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Irregularly torn pieces of cloth, paper, or other material.
rags, scraps, shreds, bits, pieces, bits and pieces, torn pieces, ragged pieces, ribbons, clippings, fragmentsView synonyms
- ‘Just as some people, apparently servants in rags and tatters, served dinner.’
- ‘There were photographs stuck to the stone wall, packages with letters, coins, tatters of cloth.’
- ‘Jonathan Crane, wearing the rags and tatters of his Scarecrow costume, without his mask, is relaxing on a couch, feet up on an endtable.’
- ‘Other times I want to jump up and down on them until they are in shreds and tatters, cursing the preciosity of it all.’
- ‘About half a mile from the Desolate Borough's walls, the city dumped the by-products of dyes, tatters of textiles, and every other waste that had no use for.’
- ‘How many pairs of boots did Carlyon tear to tatters in his researches?’
- ‘A crowd that clutched parcels of packaged joy had gathered around a joyless, shoeless vagrant who was dressed in newspaper-stuffed tatters.’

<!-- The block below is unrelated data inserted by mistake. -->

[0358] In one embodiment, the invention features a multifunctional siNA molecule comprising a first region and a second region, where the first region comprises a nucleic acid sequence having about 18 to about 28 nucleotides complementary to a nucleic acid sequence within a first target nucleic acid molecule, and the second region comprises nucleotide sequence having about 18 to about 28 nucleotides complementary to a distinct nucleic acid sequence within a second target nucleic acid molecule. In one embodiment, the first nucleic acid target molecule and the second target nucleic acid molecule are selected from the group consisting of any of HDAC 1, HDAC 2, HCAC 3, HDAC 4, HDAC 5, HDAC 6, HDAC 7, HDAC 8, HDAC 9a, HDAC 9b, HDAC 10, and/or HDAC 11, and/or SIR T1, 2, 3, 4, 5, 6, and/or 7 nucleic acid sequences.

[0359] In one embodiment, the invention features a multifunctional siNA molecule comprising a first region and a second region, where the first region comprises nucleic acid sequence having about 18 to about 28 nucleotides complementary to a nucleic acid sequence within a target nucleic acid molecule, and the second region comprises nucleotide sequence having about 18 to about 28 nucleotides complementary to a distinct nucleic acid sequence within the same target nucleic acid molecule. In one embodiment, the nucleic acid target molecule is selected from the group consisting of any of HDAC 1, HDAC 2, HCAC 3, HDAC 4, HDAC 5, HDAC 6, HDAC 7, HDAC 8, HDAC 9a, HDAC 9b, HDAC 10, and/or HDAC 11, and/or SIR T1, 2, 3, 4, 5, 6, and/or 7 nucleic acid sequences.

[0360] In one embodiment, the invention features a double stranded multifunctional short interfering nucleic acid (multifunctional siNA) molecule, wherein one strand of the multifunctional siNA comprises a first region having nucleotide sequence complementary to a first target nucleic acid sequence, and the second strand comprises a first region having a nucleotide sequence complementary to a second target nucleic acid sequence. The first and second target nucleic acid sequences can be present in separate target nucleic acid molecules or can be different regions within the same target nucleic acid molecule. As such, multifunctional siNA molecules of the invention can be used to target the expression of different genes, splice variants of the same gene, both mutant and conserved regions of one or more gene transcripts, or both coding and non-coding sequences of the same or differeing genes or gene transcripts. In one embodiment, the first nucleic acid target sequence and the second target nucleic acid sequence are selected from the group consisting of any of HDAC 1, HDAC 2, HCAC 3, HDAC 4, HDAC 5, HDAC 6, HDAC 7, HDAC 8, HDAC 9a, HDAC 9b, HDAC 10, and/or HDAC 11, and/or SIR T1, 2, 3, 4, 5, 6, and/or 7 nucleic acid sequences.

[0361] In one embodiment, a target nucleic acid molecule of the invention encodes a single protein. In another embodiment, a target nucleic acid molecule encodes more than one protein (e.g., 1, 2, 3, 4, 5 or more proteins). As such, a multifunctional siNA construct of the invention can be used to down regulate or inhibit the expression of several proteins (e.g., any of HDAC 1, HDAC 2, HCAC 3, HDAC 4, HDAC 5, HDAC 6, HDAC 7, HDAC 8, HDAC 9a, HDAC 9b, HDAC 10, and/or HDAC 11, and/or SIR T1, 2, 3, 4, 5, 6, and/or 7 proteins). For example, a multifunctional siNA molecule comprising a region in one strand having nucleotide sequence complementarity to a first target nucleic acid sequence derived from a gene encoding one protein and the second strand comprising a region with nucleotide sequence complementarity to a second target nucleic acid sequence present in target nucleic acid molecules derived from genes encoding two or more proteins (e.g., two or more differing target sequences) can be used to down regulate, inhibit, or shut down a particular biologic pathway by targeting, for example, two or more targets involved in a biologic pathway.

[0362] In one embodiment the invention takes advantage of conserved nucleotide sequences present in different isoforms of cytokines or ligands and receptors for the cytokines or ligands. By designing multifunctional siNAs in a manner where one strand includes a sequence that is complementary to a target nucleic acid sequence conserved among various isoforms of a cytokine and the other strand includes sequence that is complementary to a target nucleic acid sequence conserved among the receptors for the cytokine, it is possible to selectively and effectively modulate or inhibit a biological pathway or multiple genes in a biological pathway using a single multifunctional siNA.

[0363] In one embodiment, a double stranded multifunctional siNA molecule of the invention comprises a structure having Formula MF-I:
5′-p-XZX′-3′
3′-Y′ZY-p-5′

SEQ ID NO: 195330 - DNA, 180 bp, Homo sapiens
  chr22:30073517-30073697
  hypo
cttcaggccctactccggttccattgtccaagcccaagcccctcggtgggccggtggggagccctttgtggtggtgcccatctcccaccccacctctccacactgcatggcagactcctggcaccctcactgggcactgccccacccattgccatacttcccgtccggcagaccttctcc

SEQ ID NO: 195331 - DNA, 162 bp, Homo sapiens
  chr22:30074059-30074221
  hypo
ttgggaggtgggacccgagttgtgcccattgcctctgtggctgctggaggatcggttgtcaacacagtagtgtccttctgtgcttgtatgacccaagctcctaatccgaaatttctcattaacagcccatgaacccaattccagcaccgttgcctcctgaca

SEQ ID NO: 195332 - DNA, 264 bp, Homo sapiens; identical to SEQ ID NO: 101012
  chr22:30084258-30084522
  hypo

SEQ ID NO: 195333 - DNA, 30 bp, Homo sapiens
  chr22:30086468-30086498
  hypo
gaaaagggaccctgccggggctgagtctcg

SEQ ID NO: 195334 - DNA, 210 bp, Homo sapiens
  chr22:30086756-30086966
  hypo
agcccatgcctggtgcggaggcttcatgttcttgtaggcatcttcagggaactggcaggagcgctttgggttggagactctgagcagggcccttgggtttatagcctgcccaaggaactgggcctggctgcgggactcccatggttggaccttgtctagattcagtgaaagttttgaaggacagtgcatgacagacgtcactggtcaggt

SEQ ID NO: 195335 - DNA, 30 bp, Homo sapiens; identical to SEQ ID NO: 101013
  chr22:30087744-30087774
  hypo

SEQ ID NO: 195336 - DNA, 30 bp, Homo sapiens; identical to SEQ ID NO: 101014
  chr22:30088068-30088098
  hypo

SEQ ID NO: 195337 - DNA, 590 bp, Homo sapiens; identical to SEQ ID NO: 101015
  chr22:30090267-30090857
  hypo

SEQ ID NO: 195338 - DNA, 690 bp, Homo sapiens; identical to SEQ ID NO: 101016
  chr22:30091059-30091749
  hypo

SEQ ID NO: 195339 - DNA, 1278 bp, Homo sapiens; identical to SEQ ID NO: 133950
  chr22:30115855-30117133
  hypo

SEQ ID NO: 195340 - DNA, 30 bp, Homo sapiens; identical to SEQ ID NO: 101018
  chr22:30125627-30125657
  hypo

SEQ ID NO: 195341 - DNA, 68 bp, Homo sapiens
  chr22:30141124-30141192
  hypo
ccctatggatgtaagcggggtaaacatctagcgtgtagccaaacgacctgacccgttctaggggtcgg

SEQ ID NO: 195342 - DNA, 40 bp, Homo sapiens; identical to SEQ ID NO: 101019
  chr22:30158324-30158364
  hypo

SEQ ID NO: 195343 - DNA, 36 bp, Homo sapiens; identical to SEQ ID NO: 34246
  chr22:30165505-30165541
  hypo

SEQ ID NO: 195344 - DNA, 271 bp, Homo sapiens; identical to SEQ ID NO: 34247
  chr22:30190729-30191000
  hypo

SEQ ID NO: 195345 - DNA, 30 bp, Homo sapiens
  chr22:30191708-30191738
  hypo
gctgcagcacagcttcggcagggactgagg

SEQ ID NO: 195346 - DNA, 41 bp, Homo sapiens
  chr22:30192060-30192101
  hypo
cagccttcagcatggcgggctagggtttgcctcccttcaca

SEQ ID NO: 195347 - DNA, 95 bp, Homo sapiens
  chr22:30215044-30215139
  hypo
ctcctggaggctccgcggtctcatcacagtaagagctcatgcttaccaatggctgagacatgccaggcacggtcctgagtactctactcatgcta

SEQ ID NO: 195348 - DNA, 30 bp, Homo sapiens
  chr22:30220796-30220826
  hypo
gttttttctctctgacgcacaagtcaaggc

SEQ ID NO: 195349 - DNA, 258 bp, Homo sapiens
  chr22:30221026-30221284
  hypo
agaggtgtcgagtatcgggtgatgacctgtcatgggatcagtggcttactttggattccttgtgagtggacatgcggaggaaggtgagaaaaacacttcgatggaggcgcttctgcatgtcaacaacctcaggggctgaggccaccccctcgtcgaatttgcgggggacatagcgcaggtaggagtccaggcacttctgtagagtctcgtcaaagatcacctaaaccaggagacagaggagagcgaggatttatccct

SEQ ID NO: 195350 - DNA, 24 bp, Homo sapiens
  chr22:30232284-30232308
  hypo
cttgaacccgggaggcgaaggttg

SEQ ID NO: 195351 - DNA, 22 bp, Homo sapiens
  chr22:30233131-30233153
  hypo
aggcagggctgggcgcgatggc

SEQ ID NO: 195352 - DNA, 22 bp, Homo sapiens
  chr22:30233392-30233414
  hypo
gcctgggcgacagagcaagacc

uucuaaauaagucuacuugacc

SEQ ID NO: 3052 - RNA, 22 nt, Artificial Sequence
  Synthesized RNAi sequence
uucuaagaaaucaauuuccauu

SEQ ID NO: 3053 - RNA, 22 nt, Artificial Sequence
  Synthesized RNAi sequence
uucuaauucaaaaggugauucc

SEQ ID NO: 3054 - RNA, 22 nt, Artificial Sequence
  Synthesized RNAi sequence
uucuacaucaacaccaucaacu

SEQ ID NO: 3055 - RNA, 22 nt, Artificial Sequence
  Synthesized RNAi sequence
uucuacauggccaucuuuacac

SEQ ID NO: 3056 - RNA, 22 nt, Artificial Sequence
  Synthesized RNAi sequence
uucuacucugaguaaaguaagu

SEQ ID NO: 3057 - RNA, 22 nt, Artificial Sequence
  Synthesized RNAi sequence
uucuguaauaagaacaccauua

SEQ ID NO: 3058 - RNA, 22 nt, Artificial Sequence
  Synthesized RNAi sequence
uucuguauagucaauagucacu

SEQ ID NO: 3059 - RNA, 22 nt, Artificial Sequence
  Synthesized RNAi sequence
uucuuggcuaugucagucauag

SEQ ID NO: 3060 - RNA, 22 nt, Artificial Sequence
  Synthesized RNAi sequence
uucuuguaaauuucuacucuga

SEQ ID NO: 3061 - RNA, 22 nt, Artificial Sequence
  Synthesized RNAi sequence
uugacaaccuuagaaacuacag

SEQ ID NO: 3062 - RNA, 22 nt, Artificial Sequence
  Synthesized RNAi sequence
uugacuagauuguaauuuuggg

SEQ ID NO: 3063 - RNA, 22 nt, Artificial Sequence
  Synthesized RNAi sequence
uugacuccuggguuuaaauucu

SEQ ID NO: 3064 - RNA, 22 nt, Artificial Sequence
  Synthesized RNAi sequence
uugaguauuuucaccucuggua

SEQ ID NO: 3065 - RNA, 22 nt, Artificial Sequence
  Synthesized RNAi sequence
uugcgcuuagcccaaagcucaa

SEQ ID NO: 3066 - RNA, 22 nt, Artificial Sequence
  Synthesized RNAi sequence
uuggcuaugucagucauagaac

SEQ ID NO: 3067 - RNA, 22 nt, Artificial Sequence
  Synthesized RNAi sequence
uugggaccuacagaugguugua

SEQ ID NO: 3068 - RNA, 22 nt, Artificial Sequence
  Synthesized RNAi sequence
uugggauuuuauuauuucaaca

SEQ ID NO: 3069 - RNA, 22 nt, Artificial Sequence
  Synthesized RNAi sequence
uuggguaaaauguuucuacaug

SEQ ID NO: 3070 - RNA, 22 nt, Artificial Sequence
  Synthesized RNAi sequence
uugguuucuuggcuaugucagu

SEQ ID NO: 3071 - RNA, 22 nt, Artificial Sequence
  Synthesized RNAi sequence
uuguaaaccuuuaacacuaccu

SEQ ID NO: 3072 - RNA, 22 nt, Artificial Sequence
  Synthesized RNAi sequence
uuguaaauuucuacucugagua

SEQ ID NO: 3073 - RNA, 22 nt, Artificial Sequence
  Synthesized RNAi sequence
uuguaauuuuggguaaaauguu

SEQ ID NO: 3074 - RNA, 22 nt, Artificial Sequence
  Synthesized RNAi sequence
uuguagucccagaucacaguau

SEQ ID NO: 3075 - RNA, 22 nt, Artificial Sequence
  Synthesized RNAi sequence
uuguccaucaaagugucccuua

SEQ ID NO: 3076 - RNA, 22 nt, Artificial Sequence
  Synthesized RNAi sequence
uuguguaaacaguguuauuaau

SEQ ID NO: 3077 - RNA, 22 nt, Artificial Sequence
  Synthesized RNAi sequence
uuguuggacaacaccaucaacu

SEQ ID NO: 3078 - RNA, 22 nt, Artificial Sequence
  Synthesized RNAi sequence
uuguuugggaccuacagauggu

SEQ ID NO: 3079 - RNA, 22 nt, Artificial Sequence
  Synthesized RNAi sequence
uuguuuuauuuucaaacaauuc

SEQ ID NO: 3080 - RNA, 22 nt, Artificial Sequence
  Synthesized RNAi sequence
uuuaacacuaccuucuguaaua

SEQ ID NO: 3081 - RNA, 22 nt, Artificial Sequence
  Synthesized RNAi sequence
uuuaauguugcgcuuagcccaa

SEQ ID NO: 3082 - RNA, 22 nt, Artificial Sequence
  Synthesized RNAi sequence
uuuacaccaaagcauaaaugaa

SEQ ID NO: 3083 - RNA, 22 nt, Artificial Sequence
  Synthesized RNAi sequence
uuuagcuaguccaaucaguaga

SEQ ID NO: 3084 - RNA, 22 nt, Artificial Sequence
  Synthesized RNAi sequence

- ‘The few shreds and tatters of pre-1960s culture, I suppose.’
- ‘Yesterday I bought new shoes, and told the clerk I needed something that would stand up to a great dealing walking the next day without shredding my heel into red tatters.’
- ‘There were blackened corpses and skeletons scattered among the rocks and wood; just bone, metal, and tatters of rotting flesh rejected or missed by scavengers.’
- ‘And finally, we found the chamber in which she was kept, spread-eagled against one wall, dressed in rags and tatters of her once-magnificent gown.’
- ‘He designs his costume, most often resorting to rags and tatters.’
- ‘Scraps and tatters of the past whirled in my head.’
- ‘They never would have suspected a spy of any sorts the only person there was an old man from the looks of it sitting in a corner covered from head to foot in old rags and tatters.’
- ‘How can one say that contemporary theories of Egyptian archeologically based history are nothing more than notions derived from a few rags & tatters?’
- ‘Song fragments and electronic tatters abound on this album, and at the moments you put out your hand to their allure, Maricich snaps them back with a smirk.’
- ‘A few bits of bone and tatters of cloth were all that remained of Orhandia.’
- ‘I twirled the leaf around in my fingers: dry, yellow and brown and brittle, tatters of desiccated material around a skeleton of veins.’
- ‘His clothes were completely ruined, no more than tatters.’
- ‘It had certainly seen better days, for now sky could be seen through a large gap in one area of the ceiling and the several colourful tapestries adorning the walls were now no more than tatters.’
Late Middle English (also in the singular meaning scrap of cloth): from Old Norse tǫtrar rags.
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